The renewal of the Church, the renewal of the Church in the United States, the renewal of each diocese, the renewal of each parish and ecclesial institution, is going to happen through the renewal of each individual heart.  Certainly we ought to strengthen these institutions so that they can be effective vehicles for the New Evanagelization, but there is something prior to all of this.  The priority must be the human heart. The priority must be individuals meeting Christ and sharing the joy of Christ with others.  When I see others moved by His Presence, I am also moved.  In the Gospels, people were moved to follow Christ.  And when others saw these crowds of people following Christ, they too were moved to follow him.  Perhaps, they were just curious. "Why are all of those people--my friends, family, and strangers--all following that guy around.  They were struck by this movement.  Then, they decided that they too would join in and see what this was all about.  Ultimately, each would have to decide whether he or she would stay or go away.  But, what drew them in was the presence and joy of the others.  Either that presence and joy convinces me to stay, or I go away.  

There is something weak in us.  I do not wake up every day convinced.  Some days I do.  Some days, I need a witness in my life.  I need somebody who through their joy and their presence reminds me that Christ is not some idea that I came up with.  No, he is a presence who brings man true freedom and true life. I need to be surrounded by others who tell me about what Christ is doing in their real experience.  I need to see their joy and their conviction. This makes me want to stay with them and continue on the path of Christ.  I need to be in that crowd and hear people answering the question, "So, how did you meet this crowd?"  And, "Why do you stay in this crowd?"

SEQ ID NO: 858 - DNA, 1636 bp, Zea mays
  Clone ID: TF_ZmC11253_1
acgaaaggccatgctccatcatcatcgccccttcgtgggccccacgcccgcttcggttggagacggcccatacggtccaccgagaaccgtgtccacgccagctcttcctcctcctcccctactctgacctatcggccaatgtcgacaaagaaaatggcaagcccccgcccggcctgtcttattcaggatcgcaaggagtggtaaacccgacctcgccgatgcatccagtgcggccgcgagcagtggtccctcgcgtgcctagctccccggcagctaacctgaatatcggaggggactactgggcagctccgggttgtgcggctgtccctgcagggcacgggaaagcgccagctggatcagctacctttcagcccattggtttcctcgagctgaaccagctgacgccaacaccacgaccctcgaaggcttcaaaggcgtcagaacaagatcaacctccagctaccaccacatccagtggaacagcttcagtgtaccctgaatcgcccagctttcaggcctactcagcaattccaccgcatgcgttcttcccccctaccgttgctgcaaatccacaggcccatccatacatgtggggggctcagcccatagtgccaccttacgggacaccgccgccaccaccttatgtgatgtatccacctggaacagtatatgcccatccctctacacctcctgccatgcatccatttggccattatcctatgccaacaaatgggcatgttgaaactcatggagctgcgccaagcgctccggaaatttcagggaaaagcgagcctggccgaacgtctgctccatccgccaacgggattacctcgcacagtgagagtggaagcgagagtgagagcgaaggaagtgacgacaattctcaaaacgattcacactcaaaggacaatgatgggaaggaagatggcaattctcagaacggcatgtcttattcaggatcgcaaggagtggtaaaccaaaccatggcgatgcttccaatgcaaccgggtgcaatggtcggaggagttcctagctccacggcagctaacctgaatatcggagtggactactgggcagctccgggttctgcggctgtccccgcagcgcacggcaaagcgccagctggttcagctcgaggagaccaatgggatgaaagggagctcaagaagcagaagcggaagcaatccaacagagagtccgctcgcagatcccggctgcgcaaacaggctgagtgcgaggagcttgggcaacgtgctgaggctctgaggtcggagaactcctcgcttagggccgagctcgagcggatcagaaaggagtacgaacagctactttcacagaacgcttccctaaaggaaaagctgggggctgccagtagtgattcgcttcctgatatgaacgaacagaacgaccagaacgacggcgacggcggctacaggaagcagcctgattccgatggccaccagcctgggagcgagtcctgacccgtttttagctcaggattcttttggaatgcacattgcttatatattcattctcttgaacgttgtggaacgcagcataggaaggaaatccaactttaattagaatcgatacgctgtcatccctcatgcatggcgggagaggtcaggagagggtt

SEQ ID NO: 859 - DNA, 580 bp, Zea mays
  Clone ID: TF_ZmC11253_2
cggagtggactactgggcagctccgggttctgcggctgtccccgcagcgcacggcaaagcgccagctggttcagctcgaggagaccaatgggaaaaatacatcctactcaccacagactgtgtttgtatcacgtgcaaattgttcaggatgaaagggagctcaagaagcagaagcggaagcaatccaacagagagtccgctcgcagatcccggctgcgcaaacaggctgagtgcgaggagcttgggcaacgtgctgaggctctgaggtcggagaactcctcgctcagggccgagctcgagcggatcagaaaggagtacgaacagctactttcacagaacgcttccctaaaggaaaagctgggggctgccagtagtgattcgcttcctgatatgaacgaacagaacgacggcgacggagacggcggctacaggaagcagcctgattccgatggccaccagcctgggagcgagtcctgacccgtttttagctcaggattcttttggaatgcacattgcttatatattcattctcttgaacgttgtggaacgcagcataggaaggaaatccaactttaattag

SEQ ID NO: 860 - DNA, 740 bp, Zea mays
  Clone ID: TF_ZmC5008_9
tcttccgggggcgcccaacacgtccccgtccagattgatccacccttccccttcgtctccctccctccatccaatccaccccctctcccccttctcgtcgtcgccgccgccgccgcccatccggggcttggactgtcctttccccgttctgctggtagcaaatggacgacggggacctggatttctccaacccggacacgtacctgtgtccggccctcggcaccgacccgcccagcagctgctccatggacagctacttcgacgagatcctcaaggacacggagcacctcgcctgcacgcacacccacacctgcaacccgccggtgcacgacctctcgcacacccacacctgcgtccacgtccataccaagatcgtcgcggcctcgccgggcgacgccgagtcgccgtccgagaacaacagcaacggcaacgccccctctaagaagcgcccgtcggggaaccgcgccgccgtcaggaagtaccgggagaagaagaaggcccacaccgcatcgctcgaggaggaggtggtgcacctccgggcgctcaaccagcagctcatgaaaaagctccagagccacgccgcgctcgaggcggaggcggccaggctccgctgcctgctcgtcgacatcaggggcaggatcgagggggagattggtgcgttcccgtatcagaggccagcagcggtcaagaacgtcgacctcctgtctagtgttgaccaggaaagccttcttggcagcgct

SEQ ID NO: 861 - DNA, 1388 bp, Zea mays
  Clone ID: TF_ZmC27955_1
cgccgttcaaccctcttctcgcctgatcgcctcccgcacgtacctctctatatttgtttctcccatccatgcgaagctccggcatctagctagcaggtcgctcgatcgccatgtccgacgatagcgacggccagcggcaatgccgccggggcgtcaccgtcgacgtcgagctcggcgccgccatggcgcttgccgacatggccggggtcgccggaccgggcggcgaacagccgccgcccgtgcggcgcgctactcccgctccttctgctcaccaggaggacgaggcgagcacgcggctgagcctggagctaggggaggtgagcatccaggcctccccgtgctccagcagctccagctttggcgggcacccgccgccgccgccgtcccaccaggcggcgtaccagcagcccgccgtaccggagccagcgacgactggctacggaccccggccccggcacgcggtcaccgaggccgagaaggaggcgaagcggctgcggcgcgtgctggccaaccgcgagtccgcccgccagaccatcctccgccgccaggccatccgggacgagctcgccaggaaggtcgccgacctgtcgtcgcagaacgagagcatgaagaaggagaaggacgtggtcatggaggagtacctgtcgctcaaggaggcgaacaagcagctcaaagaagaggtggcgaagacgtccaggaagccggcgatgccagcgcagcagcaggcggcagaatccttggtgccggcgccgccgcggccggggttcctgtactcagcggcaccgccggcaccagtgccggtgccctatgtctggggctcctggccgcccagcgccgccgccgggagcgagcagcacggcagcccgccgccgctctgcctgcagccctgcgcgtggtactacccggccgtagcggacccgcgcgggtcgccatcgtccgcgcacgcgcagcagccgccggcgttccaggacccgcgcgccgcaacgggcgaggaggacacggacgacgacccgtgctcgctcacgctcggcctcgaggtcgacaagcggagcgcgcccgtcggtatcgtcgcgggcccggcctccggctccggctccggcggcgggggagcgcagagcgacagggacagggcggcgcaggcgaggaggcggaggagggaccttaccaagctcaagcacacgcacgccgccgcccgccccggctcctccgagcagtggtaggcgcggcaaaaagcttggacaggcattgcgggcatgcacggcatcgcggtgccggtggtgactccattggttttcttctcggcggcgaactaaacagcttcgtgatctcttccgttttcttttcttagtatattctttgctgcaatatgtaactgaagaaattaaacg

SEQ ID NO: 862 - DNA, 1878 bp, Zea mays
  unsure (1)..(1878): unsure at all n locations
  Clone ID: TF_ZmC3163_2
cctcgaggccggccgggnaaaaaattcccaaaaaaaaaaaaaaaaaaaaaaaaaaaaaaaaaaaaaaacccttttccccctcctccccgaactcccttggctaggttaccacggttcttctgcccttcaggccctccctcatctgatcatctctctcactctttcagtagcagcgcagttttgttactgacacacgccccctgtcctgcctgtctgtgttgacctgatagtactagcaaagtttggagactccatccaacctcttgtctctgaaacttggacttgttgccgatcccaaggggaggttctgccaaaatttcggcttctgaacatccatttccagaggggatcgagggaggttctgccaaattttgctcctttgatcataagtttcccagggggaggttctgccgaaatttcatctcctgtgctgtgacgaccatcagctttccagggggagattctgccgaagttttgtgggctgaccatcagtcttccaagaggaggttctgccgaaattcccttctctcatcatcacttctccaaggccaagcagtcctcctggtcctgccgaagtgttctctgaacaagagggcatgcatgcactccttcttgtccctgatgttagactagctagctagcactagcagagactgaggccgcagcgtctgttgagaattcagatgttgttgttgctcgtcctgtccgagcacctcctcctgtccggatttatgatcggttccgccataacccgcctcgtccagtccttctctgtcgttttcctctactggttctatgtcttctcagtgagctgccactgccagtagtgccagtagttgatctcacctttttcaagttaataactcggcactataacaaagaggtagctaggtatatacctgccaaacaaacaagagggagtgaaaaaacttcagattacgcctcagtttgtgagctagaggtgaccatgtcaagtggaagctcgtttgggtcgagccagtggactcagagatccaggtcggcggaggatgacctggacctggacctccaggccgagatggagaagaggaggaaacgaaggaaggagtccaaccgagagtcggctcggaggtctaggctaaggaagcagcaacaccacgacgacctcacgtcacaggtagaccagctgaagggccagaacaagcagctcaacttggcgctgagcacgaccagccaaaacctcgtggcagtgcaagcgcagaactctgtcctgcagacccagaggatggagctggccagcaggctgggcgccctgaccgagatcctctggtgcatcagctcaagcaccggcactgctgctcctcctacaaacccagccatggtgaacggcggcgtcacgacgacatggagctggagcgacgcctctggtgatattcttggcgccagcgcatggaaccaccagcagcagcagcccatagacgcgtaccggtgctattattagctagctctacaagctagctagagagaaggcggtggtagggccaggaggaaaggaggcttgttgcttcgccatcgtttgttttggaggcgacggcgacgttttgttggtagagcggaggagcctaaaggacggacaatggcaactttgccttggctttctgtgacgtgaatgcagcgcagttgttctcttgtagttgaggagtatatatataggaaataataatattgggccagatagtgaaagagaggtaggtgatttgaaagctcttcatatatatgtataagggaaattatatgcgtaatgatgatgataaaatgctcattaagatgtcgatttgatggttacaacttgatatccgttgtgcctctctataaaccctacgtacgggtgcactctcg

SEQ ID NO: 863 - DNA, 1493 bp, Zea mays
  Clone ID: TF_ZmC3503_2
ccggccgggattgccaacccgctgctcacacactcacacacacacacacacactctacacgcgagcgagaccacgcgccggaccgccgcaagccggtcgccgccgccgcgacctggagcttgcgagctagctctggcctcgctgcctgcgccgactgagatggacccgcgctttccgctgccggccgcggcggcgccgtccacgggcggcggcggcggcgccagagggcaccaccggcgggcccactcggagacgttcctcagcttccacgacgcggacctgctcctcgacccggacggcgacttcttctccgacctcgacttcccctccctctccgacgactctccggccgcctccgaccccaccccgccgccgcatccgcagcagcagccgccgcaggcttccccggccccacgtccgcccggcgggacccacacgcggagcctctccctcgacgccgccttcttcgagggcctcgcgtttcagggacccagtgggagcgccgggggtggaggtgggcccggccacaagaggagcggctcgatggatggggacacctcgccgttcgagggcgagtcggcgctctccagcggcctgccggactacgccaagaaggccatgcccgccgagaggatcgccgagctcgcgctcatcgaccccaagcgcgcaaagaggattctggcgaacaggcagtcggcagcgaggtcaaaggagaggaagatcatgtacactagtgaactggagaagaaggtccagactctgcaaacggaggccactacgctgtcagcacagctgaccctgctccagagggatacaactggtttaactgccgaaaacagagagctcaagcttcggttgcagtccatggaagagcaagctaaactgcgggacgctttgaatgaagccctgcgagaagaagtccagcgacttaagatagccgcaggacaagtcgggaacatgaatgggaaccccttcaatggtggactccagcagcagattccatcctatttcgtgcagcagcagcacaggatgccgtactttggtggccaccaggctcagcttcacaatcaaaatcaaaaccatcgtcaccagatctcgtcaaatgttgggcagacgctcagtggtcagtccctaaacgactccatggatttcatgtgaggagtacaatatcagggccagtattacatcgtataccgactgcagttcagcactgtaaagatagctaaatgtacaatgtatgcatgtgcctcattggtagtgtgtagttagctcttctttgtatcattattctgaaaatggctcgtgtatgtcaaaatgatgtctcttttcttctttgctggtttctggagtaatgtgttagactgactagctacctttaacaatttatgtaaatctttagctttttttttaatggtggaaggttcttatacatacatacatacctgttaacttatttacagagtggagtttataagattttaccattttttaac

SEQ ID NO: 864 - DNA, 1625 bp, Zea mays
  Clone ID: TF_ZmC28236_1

In order to be real instruments of Evangelization, these crowds must consist of people whose hearts have been moved by Christ.  They have to be people who truly have encountered Christ and whose hearts have truly and really been touched by him.  They have to be people who have encountered Christ and can speak about that encounter.

Evangelization is always about one human heart.  That heart is longing to hear that he is infinitely loved.  That heart is longing to hear that she can find forgiveness.  That heart is longing to hear that he can begin again. That heart is longing to hear there is a reason she exists and that there is a plan for her life.

That heart needs a witness.

Sunday, July 7, 2013

The New Evangelization: The Genius of the Popes

There are certain movies that, when flipping through the channels, I cannot help but stop and watch.  Among those movies is Field of Dreams.  I will presume that anyone who is reading this has seen the movie, so I will not describe the film at any length.  All I will say is that the recurring theme is, "If you build it, they will come."  If you follow through on this dream, then the people will come.  The movie ends with hundreds of cars driving to a baseball field built in the middle of nowhere in Iowa.  He built it and they came.

While I love the movie, this is not the model that the New Evangelization ought to take.  Today, Pope Francis told seminarians and novices that "Evengelization is done on one's knees."  It is a perpetual temptation to think that "If we build it, they will come."  If we only had more parking, a parish hall, a swimming pool, a babysitting service, more money, cutting edge technology etc. then our pews would be filled.  If only we built something better, then all of our evangelization issues would be solved.  If we build it, maybe they will come.  But, they'll be coming for nothing.